The capitalist Robert Owen fell in with the French socialists and initiated worker’s communes or settlements in England, Scotland and even the United States in the early decades of the last century. An American thinker called Josiah Warren joined Owen’s socialistic settlement and was inspired to start his own village settlements on a more individualist basis. He developed a time and labour theory of value in his own way. In Karl Marx’s hands, the theory was distorted to become the surplus theory of value in order to support the thesis that all capital is robbery of the value created by labour. In Warren’s hands, it became the foundation of a new equalitarian individualism which asserted the right of each individual to the proceeds of his labour as measured by the time taken in producing the product of industry. Measurement of labour contributions became a subtle and vexatious calculation and source of trouble among members of settlements.

His example inspired a line of thinkers to reflect on the social aspects of individual liberty. Stephen Pearl Andrews developed the outlines of a science of society. Others developed the aspects of cooperation and mutual aid in banking and other forms of economic production and exchange. Others specialised in problems of currency and inflation. Others investigated the effects of State interference in banking, currency and economy generally. These thinkers of the libertarian school in America developed reflection both into the role of property, its meaning, function and limitations and into the role of the State in social affairs and individual life.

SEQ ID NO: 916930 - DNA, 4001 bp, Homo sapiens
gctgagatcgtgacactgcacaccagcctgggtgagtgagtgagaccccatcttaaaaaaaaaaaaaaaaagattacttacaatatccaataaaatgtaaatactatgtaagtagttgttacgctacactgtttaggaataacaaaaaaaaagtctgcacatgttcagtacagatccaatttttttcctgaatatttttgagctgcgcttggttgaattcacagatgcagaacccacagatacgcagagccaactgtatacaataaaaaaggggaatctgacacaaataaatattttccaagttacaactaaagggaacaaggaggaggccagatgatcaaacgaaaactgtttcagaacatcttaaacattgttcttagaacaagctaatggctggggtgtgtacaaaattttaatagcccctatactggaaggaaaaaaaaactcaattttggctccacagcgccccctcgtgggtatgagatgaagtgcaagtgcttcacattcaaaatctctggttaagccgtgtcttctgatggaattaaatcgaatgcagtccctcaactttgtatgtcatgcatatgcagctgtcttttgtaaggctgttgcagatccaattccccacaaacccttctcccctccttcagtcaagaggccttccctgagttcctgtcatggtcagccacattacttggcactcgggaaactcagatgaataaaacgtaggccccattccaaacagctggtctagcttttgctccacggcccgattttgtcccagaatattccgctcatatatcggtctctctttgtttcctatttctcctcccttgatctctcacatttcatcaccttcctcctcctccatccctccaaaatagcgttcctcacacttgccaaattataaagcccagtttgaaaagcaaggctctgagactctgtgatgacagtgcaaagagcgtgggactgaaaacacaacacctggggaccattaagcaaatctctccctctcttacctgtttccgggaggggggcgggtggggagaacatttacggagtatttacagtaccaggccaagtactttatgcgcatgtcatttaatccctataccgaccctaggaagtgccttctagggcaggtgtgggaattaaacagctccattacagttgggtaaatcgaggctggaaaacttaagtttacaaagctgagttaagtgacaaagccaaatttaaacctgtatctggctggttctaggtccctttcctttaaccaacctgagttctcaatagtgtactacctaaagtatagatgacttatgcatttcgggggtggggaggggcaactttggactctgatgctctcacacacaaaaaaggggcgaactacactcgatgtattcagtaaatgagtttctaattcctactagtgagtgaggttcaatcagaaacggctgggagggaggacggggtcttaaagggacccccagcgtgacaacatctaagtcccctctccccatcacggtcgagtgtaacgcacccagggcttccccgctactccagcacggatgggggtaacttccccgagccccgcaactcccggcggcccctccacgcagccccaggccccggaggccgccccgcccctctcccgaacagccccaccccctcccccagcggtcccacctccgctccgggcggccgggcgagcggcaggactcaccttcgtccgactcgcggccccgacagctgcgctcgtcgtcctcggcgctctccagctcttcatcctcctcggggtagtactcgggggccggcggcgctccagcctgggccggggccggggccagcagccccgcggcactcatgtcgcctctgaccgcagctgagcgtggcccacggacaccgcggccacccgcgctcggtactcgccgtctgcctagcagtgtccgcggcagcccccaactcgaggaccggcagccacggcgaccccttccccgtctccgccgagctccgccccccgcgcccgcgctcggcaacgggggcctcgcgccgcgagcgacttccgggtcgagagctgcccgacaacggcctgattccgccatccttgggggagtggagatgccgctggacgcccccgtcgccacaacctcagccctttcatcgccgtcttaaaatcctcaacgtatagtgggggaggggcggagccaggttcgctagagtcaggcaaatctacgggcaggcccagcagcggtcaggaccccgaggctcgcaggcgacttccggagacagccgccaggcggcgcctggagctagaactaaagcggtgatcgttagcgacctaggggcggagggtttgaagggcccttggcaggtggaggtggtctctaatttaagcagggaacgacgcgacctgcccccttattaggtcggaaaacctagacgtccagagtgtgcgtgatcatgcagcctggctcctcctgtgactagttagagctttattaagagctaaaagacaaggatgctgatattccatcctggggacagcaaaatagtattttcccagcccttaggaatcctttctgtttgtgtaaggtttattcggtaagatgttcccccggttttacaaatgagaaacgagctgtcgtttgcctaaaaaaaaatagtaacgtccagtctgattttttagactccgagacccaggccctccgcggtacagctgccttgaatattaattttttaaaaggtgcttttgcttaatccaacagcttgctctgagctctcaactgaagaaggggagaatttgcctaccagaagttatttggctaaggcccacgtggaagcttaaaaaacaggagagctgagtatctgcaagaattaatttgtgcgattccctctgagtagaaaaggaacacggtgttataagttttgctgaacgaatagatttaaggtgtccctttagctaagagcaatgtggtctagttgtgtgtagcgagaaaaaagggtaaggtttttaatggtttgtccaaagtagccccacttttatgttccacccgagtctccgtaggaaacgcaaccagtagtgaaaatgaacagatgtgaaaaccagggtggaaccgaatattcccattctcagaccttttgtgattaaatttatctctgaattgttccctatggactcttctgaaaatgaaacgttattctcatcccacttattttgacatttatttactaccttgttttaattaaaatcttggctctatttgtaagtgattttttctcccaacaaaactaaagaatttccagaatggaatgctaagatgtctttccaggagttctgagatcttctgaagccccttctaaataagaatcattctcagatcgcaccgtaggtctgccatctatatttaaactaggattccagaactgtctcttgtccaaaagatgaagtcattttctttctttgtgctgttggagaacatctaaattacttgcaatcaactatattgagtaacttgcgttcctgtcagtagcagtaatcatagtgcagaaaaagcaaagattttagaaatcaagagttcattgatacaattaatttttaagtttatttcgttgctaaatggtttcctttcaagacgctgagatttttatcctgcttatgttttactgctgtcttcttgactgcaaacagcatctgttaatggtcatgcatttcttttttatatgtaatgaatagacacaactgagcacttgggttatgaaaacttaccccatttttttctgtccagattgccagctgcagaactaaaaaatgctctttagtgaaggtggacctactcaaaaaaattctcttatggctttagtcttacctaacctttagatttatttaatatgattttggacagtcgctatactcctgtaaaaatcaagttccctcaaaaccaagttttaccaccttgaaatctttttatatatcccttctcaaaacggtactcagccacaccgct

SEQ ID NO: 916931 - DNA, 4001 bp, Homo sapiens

The general line of thought in regard to both aspects was to discover the degree of waste and frustration and complication involved in anti-social uses of property such as are indulged in by monopolies and cartels by the State outrunning its legitimate field of police and justice and by welfare policies of robbing Ram to pay Kishen. These excesses of the individual and the State lead to ever-rising costs of production, to excessive pressure of economic groups on the State to get something for nothing, to rising inflation and confusion of values all round and to the collapse of confidence in currency and economic production generally and to the emergence of unnecessary economic crises with over-or under-production and unemployment.

The remedy is to return to individualist economy regulated by provisions against monopolies to safeguard the equal liberty of all. This principle of the equal liberty of all for engaging in free enterprise within the law (to exclude fraud and the annexation of unearned profits) is sufficient, say the libertarians, to justify the imposition of checks on those who take undue advantage of the freedom granted.